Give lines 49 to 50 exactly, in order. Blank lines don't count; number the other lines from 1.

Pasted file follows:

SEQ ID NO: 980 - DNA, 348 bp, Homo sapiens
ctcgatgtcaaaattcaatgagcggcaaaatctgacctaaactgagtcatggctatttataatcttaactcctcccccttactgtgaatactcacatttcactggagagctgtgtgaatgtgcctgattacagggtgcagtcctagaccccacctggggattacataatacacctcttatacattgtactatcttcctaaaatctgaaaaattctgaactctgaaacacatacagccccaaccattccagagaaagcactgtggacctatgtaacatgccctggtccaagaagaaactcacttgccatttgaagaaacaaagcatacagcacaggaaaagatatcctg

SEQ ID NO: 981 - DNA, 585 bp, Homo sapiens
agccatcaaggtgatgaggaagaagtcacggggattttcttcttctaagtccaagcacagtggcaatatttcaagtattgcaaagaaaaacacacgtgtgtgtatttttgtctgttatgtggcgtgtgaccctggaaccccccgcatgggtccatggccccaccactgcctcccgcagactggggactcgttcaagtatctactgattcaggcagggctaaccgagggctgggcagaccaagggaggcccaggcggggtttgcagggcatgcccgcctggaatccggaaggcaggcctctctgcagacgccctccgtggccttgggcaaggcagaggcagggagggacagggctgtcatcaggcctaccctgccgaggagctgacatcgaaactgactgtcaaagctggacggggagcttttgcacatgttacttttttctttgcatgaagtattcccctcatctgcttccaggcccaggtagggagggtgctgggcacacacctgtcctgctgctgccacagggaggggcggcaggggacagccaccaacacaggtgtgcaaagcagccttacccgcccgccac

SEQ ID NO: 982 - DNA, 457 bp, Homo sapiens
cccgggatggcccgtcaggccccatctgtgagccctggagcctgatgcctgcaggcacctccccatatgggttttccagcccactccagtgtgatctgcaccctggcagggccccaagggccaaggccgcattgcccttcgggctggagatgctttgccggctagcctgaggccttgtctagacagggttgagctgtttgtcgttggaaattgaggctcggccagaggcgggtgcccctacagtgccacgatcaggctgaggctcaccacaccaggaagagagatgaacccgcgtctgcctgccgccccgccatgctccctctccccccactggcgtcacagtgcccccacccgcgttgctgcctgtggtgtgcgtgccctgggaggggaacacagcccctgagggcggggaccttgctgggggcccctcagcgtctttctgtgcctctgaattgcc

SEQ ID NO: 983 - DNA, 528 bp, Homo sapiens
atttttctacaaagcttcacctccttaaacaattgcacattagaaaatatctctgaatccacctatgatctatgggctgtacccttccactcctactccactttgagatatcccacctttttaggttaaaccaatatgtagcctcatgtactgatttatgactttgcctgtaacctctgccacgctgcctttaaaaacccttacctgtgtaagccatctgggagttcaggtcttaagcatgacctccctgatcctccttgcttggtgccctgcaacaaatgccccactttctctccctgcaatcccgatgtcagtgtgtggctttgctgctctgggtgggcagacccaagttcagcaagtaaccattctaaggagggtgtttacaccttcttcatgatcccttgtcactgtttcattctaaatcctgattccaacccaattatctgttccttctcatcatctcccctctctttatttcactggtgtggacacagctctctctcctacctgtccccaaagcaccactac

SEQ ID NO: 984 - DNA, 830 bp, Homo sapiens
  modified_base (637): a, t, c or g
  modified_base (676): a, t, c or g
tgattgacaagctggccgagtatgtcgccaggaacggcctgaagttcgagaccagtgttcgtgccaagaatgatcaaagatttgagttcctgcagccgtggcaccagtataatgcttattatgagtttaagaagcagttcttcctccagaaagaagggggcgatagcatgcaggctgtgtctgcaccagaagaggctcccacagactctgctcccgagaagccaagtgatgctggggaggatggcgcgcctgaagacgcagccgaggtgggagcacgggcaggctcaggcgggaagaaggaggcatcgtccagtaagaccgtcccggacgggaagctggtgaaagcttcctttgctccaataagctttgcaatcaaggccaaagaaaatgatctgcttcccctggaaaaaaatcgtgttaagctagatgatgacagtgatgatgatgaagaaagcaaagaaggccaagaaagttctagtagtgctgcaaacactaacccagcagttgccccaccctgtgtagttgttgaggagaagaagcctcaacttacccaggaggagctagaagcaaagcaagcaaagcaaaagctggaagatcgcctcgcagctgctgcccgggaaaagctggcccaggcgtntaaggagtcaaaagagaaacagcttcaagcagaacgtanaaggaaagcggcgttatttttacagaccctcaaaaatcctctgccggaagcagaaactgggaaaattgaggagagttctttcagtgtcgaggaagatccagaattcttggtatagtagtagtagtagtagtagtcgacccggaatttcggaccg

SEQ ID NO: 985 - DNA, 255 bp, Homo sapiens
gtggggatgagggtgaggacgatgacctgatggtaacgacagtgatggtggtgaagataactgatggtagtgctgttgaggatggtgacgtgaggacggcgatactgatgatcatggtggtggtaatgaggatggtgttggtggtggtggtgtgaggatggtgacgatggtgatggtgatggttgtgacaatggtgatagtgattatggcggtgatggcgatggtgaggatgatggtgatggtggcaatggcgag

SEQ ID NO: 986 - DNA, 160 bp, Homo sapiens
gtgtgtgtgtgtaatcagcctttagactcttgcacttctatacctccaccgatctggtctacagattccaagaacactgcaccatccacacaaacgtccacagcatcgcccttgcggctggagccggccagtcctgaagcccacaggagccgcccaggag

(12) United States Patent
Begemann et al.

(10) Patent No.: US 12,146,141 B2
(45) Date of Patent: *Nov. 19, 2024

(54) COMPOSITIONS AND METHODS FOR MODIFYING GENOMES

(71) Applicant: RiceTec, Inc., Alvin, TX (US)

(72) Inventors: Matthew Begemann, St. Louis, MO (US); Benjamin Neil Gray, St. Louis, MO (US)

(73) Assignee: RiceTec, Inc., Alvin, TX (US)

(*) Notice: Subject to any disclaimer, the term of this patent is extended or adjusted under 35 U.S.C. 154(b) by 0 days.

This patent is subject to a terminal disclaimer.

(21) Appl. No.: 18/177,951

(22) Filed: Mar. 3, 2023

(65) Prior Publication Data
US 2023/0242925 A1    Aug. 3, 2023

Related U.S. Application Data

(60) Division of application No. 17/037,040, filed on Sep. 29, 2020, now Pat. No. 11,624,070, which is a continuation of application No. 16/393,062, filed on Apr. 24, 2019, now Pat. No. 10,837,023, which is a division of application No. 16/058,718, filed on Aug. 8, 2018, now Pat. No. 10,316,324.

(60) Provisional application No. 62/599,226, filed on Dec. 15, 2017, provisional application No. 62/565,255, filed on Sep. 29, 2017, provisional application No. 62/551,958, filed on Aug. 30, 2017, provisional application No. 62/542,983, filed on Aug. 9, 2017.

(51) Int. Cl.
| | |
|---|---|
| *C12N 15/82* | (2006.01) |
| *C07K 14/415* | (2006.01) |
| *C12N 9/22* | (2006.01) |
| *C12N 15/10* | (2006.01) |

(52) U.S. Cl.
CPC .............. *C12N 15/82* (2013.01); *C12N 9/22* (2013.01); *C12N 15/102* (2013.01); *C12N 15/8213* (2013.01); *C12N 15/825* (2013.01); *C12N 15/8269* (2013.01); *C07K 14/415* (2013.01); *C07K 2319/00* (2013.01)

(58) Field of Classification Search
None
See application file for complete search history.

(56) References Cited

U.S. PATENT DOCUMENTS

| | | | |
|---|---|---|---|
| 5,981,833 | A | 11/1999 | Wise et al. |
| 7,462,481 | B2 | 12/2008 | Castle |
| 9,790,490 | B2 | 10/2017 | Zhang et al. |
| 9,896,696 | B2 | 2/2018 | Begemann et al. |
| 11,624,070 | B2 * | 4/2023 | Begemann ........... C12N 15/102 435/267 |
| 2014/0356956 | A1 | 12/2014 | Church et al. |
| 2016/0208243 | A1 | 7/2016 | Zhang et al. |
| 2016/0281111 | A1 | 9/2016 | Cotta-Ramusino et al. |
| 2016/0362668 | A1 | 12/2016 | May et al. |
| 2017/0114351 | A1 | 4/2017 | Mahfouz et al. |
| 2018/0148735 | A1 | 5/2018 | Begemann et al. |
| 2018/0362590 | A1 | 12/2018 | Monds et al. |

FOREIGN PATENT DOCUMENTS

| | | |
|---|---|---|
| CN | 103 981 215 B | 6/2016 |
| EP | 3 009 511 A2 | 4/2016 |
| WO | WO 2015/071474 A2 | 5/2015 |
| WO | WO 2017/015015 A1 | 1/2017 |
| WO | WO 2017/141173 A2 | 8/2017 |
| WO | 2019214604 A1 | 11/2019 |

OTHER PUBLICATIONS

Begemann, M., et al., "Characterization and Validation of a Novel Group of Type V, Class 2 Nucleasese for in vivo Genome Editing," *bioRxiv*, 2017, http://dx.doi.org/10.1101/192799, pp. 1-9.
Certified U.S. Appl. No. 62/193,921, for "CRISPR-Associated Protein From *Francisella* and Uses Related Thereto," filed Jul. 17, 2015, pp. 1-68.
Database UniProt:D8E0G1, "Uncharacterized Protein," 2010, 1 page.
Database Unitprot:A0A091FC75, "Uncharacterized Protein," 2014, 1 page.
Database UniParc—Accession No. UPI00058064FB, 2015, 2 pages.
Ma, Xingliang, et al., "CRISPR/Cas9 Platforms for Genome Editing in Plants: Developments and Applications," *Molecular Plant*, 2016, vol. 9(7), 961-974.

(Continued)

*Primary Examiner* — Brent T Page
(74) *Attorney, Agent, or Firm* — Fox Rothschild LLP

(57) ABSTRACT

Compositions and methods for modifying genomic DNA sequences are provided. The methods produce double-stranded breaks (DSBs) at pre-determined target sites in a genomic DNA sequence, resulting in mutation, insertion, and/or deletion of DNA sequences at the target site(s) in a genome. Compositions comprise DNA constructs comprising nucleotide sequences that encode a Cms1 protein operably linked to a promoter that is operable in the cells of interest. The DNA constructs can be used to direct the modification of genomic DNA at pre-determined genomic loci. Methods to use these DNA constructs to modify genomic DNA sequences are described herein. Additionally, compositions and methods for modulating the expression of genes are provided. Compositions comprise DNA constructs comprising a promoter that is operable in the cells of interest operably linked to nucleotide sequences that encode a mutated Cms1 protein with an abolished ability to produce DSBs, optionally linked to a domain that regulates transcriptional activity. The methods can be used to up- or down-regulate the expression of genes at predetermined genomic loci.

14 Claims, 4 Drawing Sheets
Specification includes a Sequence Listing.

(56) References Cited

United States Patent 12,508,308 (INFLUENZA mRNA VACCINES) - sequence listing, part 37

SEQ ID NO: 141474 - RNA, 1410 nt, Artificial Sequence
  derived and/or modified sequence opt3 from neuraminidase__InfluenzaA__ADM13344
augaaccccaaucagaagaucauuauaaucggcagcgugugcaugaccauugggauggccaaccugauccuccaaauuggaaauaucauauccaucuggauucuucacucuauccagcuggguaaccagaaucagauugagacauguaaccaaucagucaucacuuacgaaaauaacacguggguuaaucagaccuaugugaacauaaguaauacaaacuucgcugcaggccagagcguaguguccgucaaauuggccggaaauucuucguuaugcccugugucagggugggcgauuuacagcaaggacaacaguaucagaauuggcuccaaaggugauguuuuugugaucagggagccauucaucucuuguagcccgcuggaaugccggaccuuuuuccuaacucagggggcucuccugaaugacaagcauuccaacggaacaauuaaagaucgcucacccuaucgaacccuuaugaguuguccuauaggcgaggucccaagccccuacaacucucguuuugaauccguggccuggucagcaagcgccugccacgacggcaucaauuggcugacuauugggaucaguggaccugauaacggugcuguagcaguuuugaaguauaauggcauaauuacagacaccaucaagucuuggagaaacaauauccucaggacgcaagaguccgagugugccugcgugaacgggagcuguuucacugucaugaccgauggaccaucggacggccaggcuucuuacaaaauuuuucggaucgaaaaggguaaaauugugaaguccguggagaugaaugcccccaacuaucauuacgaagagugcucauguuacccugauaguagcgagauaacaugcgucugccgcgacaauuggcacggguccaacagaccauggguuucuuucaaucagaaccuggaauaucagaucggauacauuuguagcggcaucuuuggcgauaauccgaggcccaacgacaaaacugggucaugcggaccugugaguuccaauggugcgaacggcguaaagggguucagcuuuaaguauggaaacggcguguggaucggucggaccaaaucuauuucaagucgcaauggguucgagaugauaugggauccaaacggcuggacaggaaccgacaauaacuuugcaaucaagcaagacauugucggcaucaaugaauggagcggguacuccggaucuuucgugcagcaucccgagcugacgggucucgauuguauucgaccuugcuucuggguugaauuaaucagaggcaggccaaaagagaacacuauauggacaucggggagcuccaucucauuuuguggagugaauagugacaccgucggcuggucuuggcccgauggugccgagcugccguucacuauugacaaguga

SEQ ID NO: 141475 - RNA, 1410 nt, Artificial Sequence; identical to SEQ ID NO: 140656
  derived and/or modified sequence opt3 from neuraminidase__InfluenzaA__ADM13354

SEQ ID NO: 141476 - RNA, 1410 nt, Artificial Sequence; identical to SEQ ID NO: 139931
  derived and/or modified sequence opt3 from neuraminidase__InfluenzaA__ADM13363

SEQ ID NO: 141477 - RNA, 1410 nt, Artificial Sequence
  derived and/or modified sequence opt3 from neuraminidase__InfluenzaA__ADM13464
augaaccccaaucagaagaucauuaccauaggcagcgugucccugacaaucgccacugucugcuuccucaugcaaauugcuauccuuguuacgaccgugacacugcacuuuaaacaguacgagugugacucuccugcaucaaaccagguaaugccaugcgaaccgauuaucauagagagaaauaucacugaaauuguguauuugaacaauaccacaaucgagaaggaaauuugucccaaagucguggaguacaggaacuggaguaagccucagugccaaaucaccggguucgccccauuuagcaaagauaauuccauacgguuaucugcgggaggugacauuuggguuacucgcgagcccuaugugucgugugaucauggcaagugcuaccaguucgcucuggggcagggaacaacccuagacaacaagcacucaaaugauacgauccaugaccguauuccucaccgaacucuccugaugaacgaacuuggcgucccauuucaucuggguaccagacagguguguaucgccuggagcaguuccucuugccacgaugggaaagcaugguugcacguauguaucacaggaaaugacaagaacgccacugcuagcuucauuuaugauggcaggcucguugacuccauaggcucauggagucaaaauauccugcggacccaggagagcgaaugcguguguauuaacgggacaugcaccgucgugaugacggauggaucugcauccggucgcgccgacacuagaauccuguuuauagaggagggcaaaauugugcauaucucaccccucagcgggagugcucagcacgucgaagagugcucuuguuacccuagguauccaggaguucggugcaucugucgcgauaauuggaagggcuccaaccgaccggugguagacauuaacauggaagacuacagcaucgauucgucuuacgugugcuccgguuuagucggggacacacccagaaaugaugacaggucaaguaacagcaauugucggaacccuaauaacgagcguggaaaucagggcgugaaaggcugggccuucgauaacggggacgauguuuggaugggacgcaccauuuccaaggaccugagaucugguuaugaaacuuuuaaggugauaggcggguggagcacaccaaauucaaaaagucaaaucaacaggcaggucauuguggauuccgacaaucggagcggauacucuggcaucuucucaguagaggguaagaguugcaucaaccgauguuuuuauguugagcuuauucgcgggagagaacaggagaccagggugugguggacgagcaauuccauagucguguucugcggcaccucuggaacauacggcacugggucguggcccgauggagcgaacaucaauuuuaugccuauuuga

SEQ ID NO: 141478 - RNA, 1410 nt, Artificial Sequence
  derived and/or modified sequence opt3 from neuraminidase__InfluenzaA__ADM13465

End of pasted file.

|---|---|---|---|
| 5,981,833 | A | 11/1999 | Wise et al. |